After completing the Sport Science Analysis of Volleyball Series, I will be writing a series of continuing articles that will focus on a Critical Analysis of the Technical Skills of our sport. In the preparation of writing this series, a structure for presenting specific concepts and visual data for analysis has been an evolving process. Another element of this series which I am attempting to incorporate is to take advantage of the vast coaching and teaching experiences and biomechanical knowledge of the readers of The Art of Coaching Volleyball.
Access all the articles for this series here:
1) Establishing a Passing & Defensive Starting Posture
2) Efficient Movement & Balance in Passing and Defense
Characteristics of Critical Thinking
Wade (1995) identifies 8 characteristics of critical thinking. Critical thinking involves asking questions, defining a problem, examining evidence, analyzing assumptions and biases, avoiding emotional reasoning, avoiding oversimplification, considering other interpretations, and tolerating ambiguity.
Perhaps the simplest definition is offered by Beyer (1995): "Critical thinking... means making reasoned judgments." Beyer also offers the following thoughts:
- Dispositions: Critical thinkers are skeptical, open-minded, respect evidence and reasoning, look at different points of view, and will change positions when reason leads them to do so.
- Argument: Critical thinking involves identifying, evaluating, and constructing arguments.
- Point of View: Critical thinkers view phenomena from many different points of view.
WHAT techniques are we teaching and WHY are we teaching them?
The underlying premise of developing this series of articles is to pose questions to gain a logical and reasoned understanding about the skill techniques we ultimately elect to teach to our players.
Why do we teach the techniques that we do? I once heard someone in an interview say that he believed most people don’t know what they don’t know! He also stated that he believed people that go on to excel at the highest levels of their professions tend to know what they don’t know and attempt to answer those questions to improve their opportunities for future success. What I do know is that there are many far more experienced professionals than me to draw upon in every discipline comprising biomechanics, health & exercise science, teaching & learning theories, and coaching expertise to name a few. My personal belief is that most players initially teach skills the way they performed them or the way that they were coached to perform them. Coaches that tend to continue to improve their coaching knowledge and acumen are always seeking to find the best way to improve skill technique and all other aspects of their programs.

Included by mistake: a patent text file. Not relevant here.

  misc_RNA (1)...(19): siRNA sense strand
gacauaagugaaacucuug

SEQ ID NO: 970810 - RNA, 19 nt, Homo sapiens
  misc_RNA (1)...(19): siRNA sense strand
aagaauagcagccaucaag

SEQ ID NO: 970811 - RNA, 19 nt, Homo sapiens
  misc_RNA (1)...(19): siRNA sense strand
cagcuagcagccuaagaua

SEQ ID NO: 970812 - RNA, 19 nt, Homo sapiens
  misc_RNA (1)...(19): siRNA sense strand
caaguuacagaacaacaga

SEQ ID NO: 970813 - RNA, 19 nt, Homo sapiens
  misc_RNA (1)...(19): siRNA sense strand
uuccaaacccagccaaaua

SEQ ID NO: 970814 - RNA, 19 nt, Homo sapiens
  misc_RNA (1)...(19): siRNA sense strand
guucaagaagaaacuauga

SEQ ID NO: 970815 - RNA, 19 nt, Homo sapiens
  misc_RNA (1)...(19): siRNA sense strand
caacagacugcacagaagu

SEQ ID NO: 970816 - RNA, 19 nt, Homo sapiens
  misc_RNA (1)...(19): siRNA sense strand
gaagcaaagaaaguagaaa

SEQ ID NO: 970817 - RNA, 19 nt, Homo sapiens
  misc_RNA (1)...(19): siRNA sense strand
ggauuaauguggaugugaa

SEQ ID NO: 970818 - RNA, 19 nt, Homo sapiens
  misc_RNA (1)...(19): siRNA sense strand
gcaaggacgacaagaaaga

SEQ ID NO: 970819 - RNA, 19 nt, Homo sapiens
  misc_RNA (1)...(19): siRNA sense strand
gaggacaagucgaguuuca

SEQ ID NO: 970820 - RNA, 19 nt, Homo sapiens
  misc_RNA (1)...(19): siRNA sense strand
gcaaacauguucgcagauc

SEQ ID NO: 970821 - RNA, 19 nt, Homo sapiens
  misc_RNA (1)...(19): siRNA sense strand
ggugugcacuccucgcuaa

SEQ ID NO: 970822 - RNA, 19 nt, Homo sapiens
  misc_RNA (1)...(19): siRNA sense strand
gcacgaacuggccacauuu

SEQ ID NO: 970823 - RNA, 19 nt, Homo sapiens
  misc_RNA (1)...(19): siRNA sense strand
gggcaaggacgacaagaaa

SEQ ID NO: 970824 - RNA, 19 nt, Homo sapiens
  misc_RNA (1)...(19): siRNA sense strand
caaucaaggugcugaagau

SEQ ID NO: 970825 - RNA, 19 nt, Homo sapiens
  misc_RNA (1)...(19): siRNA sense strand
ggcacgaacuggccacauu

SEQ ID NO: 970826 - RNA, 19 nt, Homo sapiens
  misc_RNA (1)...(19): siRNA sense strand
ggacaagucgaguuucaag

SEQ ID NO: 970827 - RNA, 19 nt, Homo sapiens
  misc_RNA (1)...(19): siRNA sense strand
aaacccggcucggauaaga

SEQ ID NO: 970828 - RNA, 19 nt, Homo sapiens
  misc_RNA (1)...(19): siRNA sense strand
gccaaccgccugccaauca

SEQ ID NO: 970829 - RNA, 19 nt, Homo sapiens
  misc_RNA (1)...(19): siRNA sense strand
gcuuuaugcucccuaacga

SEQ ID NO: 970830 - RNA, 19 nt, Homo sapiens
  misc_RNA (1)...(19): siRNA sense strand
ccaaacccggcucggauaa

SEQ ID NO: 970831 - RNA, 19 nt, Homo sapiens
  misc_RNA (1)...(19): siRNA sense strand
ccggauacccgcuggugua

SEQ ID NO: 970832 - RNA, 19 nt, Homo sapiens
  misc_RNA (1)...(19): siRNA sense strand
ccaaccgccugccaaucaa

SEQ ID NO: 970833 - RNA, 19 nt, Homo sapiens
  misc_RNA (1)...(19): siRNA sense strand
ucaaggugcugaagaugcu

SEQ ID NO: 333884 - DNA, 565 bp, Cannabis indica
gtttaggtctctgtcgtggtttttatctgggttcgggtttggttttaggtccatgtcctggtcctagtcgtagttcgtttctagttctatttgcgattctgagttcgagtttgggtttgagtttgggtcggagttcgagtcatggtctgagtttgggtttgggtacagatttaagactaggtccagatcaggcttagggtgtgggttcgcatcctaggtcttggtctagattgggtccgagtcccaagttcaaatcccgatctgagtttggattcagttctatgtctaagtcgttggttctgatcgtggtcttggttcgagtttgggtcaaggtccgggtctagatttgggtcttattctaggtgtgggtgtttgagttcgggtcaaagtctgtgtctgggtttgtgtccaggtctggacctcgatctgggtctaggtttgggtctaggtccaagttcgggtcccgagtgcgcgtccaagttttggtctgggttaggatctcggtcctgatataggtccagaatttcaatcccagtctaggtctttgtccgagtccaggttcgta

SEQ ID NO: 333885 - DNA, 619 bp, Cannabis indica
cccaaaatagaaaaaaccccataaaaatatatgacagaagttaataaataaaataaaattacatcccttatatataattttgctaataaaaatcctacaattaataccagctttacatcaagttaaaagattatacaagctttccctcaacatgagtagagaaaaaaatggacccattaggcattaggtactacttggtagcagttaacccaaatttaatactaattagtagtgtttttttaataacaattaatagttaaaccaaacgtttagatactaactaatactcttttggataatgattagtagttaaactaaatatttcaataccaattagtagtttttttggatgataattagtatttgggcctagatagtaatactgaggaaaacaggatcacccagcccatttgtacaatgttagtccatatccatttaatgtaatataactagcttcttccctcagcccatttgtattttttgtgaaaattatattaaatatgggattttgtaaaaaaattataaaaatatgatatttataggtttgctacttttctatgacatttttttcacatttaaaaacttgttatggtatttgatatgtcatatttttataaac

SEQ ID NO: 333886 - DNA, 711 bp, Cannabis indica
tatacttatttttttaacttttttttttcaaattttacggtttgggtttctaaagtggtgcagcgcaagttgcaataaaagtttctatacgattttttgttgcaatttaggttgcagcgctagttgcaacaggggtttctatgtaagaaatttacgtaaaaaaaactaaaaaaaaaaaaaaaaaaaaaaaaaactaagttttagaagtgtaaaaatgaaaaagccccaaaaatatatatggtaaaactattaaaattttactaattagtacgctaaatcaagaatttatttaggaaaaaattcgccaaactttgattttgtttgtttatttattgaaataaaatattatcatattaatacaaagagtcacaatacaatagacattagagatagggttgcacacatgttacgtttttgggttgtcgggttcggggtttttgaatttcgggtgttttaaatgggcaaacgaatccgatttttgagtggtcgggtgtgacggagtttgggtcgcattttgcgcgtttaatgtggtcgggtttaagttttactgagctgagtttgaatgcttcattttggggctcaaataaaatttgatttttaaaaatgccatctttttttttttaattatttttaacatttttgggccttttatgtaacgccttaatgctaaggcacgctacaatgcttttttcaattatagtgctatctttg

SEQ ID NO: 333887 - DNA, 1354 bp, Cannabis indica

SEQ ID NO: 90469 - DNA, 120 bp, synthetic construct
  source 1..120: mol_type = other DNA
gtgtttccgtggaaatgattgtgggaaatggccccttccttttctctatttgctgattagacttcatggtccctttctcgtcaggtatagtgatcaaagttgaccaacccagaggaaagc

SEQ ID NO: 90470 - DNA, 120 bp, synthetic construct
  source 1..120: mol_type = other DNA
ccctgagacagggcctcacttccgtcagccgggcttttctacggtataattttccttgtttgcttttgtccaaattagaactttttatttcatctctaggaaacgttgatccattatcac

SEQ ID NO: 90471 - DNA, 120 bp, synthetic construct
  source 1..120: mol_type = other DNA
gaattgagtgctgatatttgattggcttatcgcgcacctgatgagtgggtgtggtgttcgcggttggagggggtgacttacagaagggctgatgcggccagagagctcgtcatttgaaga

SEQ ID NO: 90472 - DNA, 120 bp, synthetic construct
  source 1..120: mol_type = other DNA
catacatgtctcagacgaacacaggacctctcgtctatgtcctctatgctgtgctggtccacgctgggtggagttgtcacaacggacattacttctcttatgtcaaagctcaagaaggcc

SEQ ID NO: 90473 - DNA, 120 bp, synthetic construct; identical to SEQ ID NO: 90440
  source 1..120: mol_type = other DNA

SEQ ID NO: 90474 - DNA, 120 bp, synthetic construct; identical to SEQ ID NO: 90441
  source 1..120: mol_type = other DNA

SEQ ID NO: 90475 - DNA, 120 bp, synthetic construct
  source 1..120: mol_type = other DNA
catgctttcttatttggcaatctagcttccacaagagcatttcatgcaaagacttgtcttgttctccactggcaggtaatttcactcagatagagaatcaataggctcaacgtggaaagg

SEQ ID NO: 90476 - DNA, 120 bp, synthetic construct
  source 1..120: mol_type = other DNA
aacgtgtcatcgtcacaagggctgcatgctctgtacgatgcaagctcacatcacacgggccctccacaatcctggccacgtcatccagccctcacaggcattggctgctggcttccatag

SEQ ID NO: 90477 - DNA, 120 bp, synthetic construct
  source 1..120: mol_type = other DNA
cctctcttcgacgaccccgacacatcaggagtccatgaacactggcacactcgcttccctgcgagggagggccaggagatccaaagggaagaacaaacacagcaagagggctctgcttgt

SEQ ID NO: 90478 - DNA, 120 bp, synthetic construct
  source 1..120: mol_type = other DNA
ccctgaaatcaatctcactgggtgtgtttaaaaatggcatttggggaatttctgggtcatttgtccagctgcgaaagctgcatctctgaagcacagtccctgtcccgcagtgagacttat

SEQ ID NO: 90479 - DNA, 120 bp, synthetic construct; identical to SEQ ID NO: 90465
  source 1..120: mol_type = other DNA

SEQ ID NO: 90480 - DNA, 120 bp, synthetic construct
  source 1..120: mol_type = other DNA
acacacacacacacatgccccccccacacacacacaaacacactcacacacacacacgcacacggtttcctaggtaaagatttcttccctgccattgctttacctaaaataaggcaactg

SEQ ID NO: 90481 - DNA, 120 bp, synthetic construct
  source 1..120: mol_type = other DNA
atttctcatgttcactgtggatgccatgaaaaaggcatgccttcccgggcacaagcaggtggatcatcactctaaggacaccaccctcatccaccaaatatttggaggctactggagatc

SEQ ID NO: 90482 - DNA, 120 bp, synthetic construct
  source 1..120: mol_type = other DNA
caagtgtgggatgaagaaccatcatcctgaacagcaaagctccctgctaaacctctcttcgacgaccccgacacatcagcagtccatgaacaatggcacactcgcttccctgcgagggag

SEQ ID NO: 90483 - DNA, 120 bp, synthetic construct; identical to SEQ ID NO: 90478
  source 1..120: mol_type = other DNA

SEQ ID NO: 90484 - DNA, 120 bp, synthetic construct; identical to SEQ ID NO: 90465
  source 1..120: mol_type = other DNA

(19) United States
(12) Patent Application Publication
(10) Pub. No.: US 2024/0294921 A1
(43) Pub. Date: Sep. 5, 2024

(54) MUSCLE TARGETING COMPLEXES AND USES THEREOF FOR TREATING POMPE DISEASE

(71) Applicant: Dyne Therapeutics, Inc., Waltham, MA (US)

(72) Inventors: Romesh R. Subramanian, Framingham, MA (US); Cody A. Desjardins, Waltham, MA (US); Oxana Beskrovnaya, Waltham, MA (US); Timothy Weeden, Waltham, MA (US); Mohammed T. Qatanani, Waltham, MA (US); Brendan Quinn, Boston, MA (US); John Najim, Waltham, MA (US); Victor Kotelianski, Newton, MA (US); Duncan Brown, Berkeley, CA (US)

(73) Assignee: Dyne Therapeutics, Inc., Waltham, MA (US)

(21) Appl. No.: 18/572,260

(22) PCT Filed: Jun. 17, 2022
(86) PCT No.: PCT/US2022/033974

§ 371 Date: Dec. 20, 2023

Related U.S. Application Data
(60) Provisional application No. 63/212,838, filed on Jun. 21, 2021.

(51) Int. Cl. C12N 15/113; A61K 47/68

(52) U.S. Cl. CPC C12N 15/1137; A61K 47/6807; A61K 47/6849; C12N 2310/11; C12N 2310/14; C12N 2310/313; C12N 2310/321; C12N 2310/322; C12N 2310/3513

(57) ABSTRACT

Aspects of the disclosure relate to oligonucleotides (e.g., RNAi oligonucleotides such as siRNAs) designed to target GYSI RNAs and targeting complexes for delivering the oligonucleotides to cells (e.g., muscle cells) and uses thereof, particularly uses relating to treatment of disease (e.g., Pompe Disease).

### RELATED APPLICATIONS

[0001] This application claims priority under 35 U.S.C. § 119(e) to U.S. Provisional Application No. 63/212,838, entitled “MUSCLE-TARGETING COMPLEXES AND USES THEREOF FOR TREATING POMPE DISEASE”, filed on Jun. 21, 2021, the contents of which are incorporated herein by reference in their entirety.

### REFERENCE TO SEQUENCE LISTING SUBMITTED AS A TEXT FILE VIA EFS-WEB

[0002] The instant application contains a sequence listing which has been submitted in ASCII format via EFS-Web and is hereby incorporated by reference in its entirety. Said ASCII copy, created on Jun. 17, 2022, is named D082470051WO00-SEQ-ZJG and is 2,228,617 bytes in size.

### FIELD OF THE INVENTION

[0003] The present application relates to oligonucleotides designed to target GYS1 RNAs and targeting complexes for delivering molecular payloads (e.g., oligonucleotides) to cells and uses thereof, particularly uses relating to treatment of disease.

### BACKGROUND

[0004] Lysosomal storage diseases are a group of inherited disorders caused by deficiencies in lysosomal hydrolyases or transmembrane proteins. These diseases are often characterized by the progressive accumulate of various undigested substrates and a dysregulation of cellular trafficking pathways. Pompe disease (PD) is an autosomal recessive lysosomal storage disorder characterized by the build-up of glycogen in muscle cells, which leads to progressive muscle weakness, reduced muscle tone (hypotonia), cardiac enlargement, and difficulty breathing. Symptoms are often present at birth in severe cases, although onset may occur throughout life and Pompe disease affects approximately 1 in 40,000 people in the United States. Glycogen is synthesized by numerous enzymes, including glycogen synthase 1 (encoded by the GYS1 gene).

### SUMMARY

The two most important questions for me when deciding on how to teach technical skills are what techniques will I be teaching to players and understanding why I have elected to teach them a specific way. I firmly believe that all coaches in the position of authority to ultimately decide how they will teach skills technically to their players, teach them with the belief that it is the best way that they are aware of at the moment. I would have to say that there is not a skill technique that I have not tweaked or changed since I started coaching in 1990. Does that mean I was wrong in what I was teaching back in the day? My belief is that there are as many different ways to teach a skill as there are coaches. I have elected to tell each player I work with that what I teach may be different than what they have been taught in the past, but that does not mean that what they have been coached to do previously is the wrong way to perform a skill. It just means that there are different ways to accomplish the same skill.
I also believe that I should be able to explain the logic behind why I have elected to teach specific techniques and why I would like them to do it that way. I have found players tend to be more open to changing technique if there is an understanding of the logic behind what is being taught. I would also occasionally ask a player that was doing something different technically if it was explained to them why they were being asked to do it that specific way. I feel that these are situations for me to discern whether there may be a more logical way for me to approach a specific skill I hadn’t contemplated previously.